Total hours of sleep needed per day: 15-16

 

 

6-8 Months

By six months, your baby should be consolidating her naps into fewer, longer chunks.

If she isn’t already sleeping through the night, she should be able to do that now.

 

If babies are consuming enough calories during the day, they should be able to go the whole night without eating.

 

That being said, some parents are still quite uncomfortable letting their baby go all night without eating.

 

There is no harm in continuing to provide your baby with a dream feed (feeding without waking them) until they are 10-12 months old.

 

Number of naps: 2-4

Length of naps: 1-2 hours

Awake time between naps: 2-3 hours

Total hours of sleep needed per day: 14.5 (this includes 11 uninterupted hours at night)

9-12 Months

Your baby’s 9-12 months will be marked with both another sleep regression, and reduction in naps. Cool. 

 

Generally speaking, babies don’t get better at sleeping after this point.

If your baby isn’t learning to put herself back to sleep now, chances are incredibly low that she’s going to start doing it on her own in a few months.

If you want to sleep train, now is the best time. From here on out, your little one’s lungs and willpower are only going to get stronger.

 

Number of naps: 2

Length of naps: 1-2 hours

Awake time between naps: 4-5 hours

Total hours of sleep needed per day: 14

13-17 Months

It might be tempting to let your baby drop her second nap when she’s about 13 months.

After all, she’d rather stay up and play than go to sleep.

Trust me on this though, you should really try to wait until she’s 15 months old before you ditch the second nap. Most babies can’t handle that drop in sleep without getting overtired.

There are occasional babies who launch a nap boycott no matter what you do. Those are rare though.

 

Baby should be able to sleep through the night without eating.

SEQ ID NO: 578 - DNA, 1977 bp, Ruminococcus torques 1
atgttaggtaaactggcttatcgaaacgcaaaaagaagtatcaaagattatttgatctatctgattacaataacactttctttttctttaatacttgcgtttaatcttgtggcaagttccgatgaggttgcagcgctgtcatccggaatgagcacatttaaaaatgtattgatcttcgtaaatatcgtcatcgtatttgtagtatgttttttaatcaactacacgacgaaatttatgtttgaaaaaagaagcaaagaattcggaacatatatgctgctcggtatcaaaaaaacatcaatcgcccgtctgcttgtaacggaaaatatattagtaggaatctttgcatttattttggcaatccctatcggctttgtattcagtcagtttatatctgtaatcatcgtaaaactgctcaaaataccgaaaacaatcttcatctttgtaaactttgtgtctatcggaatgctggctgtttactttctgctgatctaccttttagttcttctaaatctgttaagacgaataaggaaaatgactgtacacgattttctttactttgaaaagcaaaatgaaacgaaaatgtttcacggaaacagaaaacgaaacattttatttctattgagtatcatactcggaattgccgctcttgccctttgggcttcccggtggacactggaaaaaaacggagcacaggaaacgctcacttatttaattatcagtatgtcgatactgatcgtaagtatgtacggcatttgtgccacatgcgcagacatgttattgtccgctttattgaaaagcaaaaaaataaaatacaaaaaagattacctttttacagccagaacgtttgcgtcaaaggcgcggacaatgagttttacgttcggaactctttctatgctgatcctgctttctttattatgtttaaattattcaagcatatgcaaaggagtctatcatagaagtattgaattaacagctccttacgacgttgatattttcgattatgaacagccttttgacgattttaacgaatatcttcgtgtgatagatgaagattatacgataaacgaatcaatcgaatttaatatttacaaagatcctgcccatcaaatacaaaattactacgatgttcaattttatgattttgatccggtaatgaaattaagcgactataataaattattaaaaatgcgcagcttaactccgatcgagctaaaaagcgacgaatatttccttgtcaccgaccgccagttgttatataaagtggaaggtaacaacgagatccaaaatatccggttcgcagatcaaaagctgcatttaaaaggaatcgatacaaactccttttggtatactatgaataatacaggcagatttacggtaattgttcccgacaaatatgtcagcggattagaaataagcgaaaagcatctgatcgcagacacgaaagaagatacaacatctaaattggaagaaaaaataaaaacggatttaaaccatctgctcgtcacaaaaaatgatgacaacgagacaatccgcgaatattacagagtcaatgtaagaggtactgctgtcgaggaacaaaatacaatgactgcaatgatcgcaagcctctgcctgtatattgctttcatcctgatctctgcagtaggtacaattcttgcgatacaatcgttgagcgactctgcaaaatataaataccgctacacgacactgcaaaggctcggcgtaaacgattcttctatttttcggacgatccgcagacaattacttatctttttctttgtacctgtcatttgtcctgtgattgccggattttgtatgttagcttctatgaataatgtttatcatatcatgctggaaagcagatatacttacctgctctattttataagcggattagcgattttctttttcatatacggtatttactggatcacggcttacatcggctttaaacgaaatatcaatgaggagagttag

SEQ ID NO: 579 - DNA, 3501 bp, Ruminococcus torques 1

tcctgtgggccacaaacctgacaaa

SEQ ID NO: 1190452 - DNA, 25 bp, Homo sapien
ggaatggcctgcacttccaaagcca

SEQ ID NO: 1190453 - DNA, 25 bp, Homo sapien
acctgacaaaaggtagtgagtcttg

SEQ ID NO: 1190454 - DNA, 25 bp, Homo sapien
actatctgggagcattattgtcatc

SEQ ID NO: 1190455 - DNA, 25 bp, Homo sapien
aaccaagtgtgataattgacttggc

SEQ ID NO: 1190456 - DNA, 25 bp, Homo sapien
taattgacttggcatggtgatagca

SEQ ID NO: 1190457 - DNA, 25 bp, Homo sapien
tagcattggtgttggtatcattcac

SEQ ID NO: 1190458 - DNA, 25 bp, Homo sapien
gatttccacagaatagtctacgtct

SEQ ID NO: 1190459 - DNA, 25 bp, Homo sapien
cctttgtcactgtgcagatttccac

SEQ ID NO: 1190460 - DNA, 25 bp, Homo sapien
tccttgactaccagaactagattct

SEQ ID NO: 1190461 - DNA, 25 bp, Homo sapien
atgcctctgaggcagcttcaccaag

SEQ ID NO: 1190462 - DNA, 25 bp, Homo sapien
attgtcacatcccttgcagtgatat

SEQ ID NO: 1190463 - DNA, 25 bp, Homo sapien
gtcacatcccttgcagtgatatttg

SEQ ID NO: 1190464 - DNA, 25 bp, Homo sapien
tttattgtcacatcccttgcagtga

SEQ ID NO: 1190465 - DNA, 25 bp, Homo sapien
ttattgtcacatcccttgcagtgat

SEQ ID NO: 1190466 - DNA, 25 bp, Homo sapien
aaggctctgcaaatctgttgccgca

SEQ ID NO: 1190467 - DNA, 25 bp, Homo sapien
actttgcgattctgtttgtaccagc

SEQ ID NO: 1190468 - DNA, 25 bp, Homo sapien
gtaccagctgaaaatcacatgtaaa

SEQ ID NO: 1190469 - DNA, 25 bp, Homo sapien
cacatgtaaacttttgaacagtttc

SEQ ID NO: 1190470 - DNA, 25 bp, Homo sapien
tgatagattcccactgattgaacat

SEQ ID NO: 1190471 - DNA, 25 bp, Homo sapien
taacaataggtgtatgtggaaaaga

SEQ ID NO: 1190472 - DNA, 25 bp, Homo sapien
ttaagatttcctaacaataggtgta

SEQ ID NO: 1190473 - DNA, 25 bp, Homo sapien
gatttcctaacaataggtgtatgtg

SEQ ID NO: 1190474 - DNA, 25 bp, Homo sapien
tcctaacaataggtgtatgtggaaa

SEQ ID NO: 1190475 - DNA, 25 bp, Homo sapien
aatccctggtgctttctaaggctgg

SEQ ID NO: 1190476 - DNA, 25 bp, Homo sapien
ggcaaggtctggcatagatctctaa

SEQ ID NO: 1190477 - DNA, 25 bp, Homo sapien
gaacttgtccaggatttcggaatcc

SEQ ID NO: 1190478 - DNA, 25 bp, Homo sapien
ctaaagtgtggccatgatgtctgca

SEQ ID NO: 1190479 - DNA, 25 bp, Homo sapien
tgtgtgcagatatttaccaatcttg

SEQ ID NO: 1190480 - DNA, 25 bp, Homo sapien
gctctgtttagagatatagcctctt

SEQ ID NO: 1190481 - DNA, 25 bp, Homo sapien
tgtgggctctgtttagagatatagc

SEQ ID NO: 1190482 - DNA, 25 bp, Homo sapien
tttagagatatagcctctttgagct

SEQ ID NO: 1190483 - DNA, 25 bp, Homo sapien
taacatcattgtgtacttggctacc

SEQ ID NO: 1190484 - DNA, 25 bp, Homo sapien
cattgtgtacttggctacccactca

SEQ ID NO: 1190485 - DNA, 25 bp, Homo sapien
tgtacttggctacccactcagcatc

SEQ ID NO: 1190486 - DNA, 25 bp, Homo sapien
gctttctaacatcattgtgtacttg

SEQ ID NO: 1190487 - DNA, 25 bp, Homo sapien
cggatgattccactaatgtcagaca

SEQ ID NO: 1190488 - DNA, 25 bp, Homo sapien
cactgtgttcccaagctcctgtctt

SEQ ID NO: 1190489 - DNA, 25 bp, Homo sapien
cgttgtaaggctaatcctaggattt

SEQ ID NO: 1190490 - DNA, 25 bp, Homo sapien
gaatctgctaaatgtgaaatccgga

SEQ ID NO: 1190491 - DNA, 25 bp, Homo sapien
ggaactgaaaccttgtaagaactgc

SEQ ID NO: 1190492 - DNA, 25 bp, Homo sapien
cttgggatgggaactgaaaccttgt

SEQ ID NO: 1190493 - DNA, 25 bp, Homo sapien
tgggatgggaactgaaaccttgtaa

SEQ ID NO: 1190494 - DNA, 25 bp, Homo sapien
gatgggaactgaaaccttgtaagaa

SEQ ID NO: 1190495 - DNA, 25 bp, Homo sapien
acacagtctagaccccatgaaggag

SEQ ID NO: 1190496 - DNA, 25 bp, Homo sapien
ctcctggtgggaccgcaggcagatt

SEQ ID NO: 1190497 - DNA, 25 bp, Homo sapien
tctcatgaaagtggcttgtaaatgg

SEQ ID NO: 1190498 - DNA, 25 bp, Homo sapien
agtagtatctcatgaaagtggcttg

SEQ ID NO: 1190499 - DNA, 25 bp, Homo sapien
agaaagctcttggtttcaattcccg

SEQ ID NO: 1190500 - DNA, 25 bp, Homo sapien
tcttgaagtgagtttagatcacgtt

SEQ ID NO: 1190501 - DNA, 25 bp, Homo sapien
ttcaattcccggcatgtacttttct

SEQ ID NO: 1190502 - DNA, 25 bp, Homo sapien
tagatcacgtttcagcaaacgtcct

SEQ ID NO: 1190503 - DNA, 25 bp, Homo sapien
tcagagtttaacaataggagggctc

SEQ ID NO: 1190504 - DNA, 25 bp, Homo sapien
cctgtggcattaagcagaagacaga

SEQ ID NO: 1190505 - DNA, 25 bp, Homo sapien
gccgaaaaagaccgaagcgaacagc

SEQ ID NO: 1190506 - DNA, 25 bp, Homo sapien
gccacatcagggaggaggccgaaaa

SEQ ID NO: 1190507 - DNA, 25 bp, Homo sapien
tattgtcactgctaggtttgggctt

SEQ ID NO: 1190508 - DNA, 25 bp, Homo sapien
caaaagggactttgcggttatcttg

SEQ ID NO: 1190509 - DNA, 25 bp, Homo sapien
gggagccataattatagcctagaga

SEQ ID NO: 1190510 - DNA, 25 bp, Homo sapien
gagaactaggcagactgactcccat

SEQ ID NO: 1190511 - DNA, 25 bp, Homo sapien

Number of naps: 1-2

Length of naps: 1-2 hours

Total hours of sleep needed per day: 13-14 

What Will it Take?

Getting the right amount of sleep is critical for your baby’s brain development and the wellbeing of everyone in your family.

 

That being said, I realize that getting babies to sleep is much easier said than done.

 

I’m not even going to try to give you a lecture about that. You know. You’re not an idiot. And you’re already trying like hell.

 

What I’m trying to say is, if your baby isn’t getting the sleep he needs, find out how to change it.

 

Do you need to sleep train?

Put him to sleep earlier?

Pass off bedtime duties to your partner?

 

You need to do this for you, because without sleep, you can’t be the mom that you want to be.

 

Do you ever feel like you're constantly failing at this mom thing?

 

No? That’s awkward. Maybe it’s just me.

But if you do, I created some awesome, FREE meditative affirmations for new moms.

You know, to remind you of how freaking hard you’re working.

You can totally have them if you want.

 

 

 

Other content you might find helpful on your parenting journey:

How to Soothe a Colic Baby

 

How to Do an Elimination Diet for Your Breastfeeding Baby

elimination diet breastfeeding

SIDS: Causes and 13 Tips for Prevention

SIDS causes and prevention